And add water cover and cook meat at a low boil for about 30 minutes. Stir to dissolve and mix the charred bits on the bottom of the pot, this is what makes the rice "dirty".

Cover the pot and cook all meat at a low boil for about 45 minutes (mainly, to tenderize pork chunks.)

After chicken and pork boil for 30 minutes, that's when I remove larger pieces of meat break it down and take any off the bone. (In the video Mom simmers meat for an hour, but I find half an hour is enough to tenderize meat). 

Return any of the cooked meat to water and add rice. Stir and cook for 20 more minutes (according to rice package cooking directions).

Afterward, mix meat and rice, cover again, turn off the heat, and let stand for 15 minutes more while you have a glass of wine and set the table.

Jambalaya freezes and reheats with a microwave perfectly. It's a dish that tastes better the next day.

I love you Mom!

99 Thanks to Amy for her camerawork.

To view or embed the Chef's video from YouTube click here.

Sunday, April 20, 2008

Appetite for Appetizers - Roasted Asparagus & Genoa Salami

The 99c only Stores produce section keeps expanding to include such delicacies as asparagus. The Chef got this 2 pound bunch for 99 cents. Take that congomerate grocery chains!

Roasted asparagus retains the crunch that steamed asparagus lacks and wrapping it in paper thin sliced Genoa Salami makes a great party appetizer.

I picked up small 4.5 ounch packs of Genoa Salami for 99 cents -- although salami from your favorite deli averages out the same pricewise.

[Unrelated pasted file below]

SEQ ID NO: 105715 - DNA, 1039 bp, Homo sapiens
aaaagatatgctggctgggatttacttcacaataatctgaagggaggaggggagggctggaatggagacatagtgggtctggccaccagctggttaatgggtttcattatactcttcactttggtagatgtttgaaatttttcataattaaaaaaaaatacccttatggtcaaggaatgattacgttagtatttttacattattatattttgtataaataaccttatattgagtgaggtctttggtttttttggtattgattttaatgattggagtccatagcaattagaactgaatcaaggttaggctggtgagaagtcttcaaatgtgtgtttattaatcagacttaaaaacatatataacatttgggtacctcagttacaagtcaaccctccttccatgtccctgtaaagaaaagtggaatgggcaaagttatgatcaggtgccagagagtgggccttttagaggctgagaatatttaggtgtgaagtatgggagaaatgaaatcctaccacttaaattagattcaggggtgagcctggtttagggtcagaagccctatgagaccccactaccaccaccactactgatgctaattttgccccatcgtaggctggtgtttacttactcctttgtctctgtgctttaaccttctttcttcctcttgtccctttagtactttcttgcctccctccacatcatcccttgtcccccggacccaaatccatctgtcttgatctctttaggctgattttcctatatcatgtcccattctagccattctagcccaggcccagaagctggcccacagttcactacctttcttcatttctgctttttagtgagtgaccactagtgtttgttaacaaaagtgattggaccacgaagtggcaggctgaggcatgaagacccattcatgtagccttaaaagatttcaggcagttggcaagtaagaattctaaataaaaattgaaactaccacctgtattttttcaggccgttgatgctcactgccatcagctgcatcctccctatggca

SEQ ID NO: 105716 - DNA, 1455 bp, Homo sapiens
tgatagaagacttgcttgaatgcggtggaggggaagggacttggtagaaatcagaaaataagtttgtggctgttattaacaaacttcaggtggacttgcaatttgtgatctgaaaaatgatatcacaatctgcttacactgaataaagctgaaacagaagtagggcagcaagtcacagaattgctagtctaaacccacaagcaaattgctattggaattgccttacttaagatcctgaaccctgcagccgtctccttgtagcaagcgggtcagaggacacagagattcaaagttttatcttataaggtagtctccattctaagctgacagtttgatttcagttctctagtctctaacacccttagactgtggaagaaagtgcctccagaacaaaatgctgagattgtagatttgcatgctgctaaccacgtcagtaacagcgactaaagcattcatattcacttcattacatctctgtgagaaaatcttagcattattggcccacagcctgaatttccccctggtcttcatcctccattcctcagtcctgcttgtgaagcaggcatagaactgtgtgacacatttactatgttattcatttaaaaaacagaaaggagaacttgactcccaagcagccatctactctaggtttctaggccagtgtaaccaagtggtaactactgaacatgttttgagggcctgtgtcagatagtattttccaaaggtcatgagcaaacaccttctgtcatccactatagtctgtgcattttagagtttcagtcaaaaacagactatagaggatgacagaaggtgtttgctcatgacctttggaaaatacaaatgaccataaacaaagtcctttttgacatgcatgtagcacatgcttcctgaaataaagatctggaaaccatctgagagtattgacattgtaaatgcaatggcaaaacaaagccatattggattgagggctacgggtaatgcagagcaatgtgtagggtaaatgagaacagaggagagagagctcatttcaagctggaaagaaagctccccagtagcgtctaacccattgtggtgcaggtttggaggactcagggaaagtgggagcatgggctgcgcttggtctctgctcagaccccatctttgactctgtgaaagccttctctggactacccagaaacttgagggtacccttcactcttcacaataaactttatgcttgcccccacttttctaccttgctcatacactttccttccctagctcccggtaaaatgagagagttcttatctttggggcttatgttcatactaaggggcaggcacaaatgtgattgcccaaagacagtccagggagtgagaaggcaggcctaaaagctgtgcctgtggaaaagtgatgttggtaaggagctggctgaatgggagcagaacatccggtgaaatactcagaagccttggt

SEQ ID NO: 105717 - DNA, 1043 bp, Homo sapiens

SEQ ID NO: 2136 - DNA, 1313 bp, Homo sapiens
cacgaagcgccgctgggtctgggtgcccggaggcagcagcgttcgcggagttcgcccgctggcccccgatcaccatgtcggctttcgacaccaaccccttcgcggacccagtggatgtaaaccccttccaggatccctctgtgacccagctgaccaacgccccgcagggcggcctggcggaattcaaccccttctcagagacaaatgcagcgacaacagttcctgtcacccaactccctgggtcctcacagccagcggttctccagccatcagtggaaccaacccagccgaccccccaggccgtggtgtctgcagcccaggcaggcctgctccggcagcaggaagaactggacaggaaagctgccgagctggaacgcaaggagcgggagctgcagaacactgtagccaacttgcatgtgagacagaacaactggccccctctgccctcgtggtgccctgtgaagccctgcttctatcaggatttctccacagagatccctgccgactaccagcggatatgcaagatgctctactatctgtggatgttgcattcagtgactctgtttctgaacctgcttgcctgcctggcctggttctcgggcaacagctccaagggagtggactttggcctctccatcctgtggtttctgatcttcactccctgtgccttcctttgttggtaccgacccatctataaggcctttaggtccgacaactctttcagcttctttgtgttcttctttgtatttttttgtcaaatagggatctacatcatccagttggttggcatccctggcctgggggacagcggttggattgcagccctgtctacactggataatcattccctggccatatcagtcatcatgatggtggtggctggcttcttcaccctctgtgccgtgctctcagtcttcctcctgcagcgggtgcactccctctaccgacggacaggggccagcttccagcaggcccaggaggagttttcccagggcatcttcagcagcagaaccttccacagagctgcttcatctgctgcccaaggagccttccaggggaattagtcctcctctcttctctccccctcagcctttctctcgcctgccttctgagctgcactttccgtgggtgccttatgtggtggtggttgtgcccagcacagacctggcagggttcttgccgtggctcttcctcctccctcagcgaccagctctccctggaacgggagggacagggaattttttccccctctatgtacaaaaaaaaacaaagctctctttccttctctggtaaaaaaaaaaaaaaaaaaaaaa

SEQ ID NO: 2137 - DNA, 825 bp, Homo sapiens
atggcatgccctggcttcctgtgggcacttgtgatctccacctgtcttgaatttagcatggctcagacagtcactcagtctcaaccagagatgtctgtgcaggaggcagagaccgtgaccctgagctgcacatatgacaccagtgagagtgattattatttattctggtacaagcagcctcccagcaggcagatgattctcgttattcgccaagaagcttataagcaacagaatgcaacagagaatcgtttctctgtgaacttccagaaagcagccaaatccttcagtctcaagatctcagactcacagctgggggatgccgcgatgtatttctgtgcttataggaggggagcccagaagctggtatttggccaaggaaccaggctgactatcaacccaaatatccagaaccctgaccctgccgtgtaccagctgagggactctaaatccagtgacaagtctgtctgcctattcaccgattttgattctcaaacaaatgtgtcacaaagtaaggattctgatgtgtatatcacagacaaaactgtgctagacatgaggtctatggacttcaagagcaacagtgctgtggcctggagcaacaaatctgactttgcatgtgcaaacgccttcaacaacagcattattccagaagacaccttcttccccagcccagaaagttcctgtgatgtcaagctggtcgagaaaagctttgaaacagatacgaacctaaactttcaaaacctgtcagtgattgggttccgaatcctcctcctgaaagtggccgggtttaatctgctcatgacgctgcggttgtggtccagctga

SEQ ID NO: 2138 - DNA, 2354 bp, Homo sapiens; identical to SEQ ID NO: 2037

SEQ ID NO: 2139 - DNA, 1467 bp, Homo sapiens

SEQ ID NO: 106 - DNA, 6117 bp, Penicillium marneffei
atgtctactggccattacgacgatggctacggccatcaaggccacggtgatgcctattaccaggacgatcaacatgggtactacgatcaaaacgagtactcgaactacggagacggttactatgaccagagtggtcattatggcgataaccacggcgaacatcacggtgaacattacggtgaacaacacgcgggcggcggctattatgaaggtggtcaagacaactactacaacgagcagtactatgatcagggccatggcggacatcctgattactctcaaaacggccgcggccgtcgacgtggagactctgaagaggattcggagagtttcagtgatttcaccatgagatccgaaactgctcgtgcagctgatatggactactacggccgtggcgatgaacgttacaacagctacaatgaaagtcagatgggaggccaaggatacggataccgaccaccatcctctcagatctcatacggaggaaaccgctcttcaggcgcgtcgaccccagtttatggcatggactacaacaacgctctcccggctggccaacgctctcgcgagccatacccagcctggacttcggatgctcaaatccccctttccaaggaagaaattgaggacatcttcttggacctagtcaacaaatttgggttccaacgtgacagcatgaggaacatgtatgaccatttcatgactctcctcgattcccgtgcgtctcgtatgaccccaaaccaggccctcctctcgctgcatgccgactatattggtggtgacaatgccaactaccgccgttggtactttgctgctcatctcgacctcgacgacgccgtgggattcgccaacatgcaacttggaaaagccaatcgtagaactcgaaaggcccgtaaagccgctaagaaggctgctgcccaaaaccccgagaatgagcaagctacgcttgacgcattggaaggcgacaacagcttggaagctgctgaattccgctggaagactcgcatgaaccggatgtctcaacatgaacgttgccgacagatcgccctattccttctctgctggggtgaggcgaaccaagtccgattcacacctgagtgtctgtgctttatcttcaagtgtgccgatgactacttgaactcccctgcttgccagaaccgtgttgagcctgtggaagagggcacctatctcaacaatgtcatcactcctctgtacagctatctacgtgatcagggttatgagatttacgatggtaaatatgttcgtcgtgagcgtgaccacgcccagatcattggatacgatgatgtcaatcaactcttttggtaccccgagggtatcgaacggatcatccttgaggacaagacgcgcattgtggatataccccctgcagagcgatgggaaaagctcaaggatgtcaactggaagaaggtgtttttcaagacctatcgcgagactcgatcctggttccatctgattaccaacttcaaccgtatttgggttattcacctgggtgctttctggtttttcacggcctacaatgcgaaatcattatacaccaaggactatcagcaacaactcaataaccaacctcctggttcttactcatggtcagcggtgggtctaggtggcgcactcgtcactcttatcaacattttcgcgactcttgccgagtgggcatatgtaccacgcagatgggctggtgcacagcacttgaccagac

1 bunch (about 2 pounds) of asparagus
2 packages of thin sliced Genoa or Hard Salami (or your favorite deli salami - about 8 ounces)
2 tablespoons olive oil
Salt and pepper to taste


Cut or snap off tough ends of asparagus (about 2 inches) and discard. Arrange asparagus on roasting pan and drizzle with olive oil then salt and pepper to taste. Roast asparagus in preheated 400 degree oven for 10-15 minutes (depending how thick asparagus stalks are.) Remove from oven and wrap each spear with a slice of Genoa Salami after asparagus has cooled for a couple of minutes.
Coming next, a new video. The Chef is pleased as pecan pie to welcome his Mom into the kitchen to prepare "Mom's 99 Cent Jambalaya." Be sure to bring along your appetite.

Wednesday, April 16, 2008

Film Noir & The 99 Cent Ribeye

The 99 Cent Chef has a dark, hungry heart - he likes his steak medium rare, Scotch on the rocks and a dame who powders her nose from the inside.

This is especially true during the annual run of Eddie Muller and Alan K. Rode's 10th-anniversary "Return To Noir City;" a film festival featuring 1950's shadowy tough guys and femme fatales on the make, screening at the Hollywood EgyptianTheater -- click here for info.

This final week's run is a doozy with "Tomorrow is Another Day;" a fugitives-on-the-run love story on Thursday and a double bill starring Edward G. Robinson on Friday.

Last Friday night was especially memorable with host Eddie Muller's Q & A of silver screen noir leading lady Colleen Gray, as Quentin Tarantino, fourth row front and center, made his way through a tub of popcorn big enough to hold a bowling ball while crime scribe James "Demon Dog" Ellroy trawled for his next ex-wife in the theatre lobby.

Here is a fun slideshow of the latest Noir Festival I attended.

Allow the Back Alley and Bottom Feeding Chef to treat you to dinner and a movie. Let's start with an old school recipe for Ribeye Steak in a Red Wine Reduction with Sauteed Mushrooms.

Afterward, refill your shot glass and enjoy this classic Noir film clip from "Double Indemnity," directed by Billy Wilder of James M. Cain's firecracker classic hardboiled novel. (Just scroll to the end of blog post to view.)

  • 99 cent beef ribeye steak
  • 4 sliced mushrooms
  • 1/4 cup 99 cent red wine
  • 2 slices of butter
  • 2 tablespoon olive oil
  • Salt and pepper to taste
*99 cent airline bottle of Scotch in a tumbler of ice, for the chef.

Directions for red Wine Sauce with Mushrooms
Sautee mushrooms in a tablespoon of olive oil about 5 minutes until soft.